Biofilms, surface-bound communities of microbes, are economically and medically important due to their pathogenic and obstructive properties.
Among the numerous strategies to prevent bacterial adhesion and subsequent bioﬁlm formation, surface topography presents a highly nonspeciﬁc method that does not rely on small-molecule antibacterial compounds, which promote resistance. Understanding how bacteria interact with surfaces that have roughness on the micrometer and submicrometer length scales (i.e., comparable with the length scale of the bacteria themselves) is critical to the development of antiadhesive topographies. Such surfaces are also relevant for a deeper understanding of the native bacterial lifestyle, because most surfaces in nature are not atomically smooth. Geometric considerations suggest that surfaces with roughness on the bacterial length scale provide less available surface area and fewer attachment points for rigid bacterial bodies than smooth surfaces.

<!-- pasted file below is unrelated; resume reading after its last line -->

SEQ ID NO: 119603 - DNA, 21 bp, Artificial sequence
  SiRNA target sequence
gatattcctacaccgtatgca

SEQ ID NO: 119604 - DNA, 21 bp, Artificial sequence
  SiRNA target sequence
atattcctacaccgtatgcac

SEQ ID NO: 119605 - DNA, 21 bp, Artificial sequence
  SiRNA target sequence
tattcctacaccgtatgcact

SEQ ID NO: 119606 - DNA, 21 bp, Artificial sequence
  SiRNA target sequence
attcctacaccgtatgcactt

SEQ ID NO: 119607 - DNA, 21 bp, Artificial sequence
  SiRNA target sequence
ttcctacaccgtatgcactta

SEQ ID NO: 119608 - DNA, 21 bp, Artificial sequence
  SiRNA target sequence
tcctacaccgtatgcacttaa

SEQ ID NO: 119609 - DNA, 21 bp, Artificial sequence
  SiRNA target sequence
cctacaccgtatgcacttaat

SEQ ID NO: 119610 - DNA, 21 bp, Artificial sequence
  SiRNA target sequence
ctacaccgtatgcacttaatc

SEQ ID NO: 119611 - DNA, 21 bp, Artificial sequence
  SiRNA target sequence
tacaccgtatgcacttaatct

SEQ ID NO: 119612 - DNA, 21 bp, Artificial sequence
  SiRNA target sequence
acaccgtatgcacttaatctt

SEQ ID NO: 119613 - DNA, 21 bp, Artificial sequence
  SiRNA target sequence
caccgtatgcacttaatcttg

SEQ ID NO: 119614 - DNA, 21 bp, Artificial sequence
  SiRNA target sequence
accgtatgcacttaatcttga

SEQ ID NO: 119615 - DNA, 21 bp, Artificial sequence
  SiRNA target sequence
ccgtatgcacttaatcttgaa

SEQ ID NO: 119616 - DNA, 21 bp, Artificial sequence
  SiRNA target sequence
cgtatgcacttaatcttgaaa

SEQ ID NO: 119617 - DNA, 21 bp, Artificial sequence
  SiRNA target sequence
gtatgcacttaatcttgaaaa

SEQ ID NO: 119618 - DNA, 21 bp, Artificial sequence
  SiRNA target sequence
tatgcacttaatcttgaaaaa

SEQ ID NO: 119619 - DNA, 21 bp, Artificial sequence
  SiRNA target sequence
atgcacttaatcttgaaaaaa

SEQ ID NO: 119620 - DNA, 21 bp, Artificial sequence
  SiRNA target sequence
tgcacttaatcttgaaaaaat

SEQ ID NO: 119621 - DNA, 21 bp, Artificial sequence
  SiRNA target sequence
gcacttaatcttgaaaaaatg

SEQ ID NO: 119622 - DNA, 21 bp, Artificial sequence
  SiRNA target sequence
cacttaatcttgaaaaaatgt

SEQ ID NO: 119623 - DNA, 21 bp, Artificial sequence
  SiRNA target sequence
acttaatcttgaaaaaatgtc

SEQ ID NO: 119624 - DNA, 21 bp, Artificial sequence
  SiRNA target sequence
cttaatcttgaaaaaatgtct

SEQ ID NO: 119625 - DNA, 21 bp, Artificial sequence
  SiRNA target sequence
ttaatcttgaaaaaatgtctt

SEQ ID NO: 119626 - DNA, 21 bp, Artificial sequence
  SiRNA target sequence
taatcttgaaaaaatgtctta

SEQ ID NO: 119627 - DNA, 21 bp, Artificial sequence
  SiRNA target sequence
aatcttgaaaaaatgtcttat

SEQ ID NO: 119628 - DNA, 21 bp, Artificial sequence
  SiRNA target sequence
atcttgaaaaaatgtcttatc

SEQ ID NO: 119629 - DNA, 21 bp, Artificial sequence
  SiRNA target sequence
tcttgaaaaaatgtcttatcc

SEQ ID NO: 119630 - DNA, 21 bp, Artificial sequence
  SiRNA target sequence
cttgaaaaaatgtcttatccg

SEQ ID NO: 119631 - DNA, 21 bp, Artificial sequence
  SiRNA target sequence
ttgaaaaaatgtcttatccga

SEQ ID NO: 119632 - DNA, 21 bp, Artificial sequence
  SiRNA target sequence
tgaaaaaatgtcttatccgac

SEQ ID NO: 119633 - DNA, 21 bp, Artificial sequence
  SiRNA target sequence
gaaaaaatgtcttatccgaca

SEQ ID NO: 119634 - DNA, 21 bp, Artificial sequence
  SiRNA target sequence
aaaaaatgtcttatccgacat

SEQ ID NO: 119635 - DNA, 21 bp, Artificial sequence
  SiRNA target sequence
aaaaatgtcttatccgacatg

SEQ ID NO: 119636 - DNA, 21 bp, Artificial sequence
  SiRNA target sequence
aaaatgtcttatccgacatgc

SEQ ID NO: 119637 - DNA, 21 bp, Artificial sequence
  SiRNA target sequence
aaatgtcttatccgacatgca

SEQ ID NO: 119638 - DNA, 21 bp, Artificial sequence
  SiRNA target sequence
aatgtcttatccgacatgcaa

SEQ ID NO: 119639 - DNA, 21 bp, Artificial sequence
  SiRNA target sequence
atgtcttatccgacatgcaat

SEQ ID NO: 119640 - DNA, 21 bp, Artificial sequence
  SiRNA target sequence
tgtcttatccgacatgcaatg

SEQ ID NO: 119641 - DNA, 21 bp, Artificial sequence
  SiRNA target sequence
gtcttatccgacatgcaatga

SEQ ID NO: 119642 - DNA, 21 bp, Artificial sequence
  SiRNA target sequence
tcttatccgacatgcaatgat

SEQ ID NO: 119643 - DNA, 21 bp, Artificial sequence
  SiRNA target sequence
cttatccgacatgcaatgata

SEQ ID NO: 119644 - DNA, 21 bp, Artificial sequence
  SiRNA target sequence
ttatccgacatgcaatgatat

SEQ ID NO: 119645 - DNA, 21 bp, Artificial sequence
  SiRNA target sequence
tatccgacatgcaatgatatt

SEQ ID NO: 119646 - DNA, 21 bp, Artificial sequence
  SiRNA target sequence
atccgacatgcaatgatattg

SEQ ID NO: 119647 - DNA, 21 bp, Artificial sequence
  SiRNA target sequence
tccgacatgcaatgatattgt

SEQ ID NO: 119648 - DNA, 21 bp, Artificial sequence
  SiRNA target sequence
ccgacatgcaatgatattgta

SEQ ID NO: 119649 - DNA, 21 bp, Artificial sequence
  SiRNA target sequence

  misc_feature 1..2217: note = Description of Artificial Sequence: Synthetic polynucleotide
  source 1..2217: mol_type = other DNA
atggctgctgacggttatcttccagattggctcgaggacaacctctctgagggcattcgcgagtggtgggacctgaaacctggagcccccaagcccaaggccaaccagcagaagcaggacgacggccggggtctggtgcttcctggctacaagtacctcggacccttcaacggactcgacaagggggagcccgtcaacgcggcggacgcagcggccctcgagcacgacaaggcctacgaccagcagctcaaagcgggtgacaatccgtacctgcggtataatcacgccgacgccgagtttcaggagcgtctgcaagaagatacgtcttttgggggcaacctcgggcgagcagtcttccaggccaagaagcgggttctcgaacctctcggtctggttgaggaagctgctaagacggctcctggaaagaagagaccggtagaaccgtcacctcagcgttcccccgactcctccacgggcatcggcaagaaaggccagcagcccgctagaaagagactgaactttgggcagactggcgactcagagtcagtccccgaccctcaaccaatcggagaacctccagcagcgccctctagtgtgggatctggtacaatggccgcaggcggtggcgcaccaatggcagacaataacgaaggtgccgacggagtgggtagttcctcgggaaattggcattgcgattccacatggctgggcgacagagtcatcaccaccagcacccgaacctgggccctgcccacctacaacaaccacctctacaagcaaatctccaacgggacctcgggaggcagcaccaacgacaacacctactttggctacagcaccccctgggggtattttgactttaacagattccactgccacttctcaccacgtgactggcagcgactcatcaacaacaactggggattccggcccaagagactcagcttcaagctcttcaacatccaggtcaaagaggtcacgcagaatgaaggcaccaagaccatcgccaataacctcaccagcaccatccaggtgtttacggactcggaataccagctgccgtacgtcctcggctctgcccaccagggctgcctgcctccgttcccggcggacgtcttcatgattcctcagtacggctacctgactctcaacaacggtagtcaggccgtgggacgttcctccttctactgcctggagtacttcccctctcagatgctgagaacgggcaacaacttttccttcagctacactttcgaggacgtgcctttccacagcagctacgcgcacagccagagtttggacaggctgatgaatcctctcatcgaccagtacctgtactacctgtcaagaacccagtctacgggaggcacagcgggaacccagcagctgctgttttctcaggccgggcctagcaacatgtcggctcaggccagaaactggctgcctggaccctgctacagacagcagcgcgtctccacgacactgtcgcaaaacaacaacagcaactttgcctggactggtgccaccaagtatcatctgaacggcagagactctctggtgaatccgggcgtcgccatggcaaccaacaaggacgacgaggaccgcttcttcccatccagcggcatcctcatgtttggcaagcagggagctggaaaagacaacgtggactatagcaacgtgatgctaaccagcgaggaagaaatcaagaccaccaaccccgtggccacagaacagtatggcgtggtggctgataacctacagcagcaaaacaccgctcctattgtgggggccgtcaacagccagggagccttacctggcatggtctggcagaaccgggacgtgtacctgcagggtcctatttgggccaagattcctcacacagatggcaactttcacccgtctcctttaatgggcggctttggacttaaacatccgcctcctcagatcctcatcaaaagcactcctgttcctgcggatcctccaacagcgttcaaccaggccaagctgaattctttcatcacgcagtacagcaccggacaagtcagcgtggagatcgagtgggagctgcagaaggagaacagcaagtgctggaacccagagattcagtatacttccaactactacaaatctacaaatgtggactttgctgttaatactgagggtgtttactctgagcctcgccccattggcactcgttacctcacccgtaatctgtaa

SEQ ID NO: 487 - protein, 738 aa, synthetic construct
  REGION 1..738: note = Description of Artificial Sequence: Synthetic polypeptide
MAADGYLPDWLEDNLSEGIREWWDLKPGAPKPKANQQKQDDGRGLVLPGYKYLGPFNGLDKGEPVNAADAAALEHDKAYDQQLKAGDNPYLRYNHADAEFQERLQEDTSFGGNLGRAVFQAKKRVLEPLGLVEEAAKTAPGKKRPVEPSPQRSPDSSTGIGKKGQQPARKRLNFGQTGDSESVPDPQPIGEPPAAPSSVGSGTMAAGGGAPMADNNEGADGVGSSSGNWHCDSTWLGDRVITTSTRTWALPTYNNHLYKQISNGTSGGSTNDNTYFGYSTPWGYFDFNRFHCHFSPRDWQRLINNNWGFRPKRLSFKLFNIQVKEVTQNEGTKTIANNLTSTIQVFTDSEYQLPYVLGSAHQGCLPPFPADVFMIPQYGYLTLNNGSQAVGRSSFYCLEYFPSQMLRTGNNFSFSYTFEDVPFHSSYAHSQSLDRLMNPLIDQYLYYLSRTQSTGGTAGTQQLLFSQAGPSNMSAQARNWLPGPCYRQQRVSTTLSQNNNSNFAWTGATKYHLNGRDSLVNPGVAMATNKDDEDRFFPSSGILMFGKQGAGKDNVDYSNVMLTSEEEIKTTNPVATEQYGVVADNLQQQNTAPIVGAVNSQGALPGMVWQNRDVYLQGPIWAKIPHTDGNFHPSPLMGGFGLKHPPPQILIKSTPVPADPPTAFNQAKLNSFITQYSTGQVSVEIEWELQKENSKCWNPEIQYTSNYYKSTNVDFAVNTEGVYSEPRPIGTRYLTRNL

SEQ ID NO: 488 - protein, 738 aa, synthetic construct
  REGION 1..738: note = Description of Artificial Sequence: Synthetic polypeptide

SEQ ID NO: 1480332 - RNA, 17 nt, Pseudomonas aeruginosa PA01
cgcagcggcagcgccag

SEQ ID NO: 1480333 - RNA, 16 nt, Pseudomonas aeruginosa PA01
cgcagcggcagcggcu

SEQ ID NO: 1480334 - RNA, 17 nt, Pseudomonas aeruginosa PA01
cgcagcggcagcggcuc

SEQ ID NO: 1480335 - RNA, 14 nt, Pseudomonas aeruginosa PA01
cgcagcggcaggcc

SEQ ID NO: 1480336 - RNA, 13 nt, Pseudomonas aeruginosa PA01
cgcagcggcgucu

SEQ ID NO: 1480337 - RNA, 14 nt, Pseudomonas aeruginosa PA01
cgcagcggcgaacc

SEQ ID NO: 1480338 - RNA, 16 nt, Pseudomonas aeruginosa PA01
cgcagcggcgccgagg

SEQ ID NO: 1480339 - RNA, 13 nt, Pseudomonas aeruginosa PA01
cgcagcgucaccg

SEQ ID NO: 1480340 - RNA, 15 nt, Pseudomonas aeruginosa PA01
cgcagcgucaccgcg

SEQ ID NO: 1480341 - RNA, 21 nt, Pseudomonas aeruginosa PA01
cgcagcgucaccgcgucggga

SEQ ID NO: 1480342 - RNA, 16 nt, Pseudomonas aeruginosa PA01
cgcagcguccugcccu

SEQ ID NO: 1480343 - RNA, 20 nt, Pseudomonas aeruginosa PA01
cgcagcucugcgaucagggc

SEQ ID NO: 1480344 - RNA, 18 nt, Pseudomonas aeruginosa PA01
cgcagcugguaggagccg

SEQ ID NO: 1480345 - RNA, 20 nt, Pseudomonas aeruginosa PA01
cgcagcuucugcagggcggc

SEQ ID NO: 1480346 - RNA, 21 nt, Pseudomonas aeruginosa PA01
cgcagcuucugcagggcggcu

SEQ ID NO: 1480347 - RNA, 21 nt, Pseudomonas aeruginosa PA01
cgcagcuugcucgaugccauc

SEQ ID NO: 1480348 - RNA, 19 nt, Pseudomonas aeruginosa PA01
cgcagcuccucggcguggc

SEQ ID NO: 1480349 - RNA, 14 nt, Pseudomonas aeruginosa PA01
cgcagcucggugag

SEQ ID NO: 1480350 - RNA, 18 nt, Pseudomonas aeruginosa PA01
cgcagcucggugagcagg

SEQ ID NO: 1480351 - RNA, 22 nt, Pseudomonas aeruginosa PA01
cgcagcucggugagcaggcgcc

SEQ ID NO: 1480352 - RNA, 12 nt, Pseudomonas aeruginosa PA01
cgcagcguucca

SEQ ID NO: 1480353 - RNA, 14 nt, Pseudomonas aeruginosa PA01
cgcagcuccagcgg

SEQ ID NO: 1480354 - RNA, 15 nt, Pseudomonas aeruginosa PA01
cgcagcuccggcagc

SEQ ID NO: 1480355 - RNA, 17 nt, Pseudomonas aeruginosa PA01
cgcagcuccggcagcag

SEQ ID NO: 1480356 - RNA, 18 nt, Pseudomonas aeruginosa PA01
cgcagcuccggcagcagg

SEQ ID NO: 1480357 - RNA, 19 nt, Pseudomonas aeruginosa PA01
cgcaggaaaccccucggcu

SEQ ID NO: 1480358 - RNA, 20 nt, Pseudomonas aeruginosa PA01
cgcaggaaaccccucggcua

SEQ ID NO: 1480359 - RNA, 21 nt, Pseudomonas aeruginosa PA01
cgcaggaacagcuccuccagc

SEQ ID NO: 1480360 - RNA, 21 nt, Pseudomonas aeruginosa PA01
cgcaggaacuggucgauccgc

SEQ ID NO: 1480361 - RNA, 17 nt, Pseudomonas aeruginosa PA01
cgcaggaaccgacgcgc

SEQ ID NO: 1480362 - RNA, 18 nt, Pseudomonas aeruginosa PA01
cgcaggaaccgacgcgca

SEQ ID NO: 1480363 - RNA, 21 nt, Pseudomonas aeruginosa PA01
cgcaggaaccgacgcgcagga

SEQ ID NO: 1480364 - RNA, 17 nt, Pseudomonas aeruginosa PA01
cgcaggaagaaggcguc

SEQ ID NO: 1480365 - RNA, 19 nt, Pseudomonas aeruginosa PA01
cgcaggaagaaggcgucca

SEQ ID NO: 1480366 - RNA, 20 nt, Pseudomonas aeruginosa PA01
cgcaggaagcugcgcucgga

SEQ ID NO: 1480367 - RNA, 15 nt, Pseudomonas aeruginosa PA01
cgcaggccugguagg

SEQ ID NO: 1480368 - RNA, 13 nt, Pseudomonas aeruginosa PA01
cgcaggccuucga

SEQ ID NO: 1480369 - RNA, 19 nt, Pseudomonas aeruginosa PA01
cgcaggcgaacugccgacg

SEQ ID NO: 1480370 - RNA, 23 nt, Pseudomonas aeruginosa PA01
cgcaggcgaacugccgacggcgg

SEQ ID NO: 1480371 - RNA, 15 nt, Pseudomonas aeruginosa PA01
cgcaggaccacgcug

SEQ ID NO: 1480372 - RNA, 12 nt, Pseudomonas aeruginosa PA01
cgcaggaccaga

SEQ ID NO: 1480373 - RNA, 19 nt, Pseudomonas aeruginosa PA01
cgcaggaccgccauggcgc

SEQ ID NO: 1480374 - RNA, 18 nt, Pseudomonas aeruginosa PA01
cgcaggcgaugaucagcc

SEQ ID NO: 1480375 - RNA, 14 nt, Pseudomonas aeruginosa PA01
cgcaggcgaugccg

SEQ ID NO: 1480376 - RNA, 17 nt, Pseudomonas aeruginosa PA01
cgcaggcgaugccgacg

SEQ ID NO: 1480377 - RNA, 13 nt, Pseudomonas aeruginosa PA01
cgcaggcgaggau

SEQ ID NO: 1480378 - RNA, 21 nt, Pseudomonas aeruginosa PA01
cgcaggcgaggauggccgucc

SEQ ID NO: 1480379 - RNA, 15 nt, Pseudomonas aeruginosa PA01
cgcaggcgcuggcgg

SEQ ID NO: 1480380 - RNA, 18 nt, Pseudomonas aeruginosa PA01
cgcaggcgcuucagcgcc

However, the simplistic view of bacteria as rigid rods or spheres ignores the presence of bacterial appendages, such as pili and flagella ). We are currently studying the role of flagella in adhesion of E. coli to surfaces.